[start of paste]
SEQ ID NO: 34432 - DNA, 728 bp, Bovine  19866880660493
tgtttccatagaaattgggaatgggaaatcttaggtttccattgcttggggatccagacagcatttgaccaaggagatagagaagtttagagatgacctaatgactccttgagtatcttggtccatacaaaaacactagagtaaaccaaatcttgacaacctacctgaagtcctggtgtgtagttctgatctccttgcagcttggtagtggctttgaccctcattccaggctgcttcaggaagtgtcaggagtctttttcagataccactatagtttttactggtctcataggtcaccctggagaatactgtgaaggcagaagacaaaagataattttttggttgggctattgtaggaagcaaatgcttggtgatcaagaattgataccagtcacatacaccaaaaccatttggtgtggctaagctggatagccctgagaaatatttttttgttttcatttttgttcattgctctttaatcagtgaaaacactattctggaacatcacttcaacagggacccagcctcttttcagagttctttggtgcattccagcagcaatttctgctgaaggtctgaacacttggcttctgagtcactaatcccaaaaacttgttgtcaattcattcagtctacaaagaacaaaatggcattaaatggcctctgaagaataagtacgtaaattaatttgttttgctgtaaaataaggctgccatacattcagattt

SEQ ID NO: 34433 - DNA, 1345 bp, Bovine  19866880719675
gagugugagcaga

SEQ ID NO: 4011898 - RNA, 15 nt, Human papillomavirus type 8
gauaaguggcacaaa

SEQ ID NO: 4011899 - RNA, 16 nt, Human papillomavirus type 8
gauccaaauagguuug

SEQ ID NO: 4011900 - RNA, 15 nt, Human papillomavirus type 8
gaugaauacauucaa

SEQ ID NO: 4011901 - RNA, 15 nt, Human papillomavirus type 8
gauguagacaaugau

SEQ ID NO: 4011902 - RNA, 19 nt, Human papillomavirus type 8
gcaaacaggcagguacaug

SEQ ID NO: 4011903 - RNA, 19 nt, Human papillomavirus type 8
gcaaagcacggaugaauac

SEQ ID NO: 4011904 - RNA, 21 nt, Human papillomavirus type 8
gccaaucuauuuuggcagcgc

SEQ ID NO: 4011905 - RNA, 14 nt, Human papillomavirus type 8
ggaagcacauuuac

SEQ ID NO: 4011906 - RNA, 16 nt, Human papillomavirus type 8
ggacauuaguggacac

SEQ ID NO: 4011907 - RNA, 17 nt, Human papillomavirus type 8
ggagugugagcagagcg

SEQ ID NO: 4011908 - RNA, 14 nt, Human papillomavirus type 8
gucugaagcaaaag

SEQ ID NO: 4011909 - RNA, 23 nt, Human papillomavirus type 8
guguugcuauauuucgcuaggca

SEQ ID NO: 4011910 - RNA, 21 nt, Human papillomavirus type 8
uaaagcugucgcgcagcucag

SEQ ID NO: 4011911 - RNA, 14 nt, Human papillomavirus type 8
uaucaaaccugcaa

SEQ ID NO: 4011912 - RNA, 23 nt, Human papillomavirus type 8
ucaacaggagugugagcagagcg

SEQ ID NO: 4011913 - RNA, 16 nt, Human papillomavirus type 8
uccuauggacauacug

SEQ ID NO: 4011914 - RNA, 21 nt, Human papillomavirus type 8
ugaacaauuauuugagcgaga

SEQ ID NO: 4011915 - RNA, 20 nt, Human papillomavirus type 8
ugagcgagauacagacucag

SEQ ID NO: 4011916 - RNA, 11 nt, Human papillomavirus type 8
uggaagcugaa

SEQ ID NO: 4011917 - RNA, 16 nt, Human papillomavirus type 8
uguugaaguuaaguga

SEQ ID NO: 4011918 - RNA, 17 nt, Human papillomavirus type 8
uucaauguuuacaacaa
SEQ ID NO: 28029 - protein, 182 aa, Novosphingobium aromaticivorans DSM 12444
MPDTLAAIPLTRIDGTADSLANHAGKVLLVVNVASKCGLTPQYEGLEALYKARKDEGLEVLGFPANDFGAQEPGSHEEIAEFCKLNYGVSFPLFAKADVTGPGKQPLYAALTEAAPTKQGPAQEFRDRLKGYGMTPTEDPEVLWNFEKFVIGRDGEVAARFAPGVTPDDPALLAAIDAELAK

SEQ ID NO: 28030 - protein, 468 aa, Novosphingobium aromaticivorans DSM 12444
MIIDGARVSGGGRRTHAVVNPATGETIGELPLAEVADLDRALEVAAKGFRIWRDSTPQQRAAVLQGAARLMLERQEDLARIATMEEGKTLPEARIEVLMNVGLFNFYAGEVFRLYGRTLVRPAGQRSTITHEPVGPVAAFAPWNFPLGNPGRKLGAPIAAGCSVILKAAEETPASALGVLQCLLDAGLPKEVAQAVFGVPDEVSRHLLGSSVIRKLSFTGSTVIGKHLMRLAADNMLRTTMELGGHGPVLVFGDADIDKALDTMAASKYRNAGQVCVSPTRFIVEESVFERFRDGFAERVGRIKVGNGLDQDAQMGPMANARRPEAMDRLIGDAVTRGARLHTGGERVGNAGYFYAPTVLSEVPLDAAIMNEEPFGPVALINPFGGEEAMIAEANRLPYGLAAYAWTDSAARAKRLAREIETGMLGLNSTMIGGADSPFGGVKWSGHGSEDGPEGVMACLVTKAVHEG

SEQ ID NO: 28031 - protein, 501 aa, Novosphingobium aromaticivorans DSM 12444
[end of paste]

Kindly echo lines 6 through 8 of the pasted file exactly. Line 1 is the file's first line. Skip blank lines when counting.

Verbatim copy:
gauaaguggcacaaa

SEQ ID NO: 4011899 - RNA, 16 nt, Human papillomavirus type 8
gauccaaauagguuug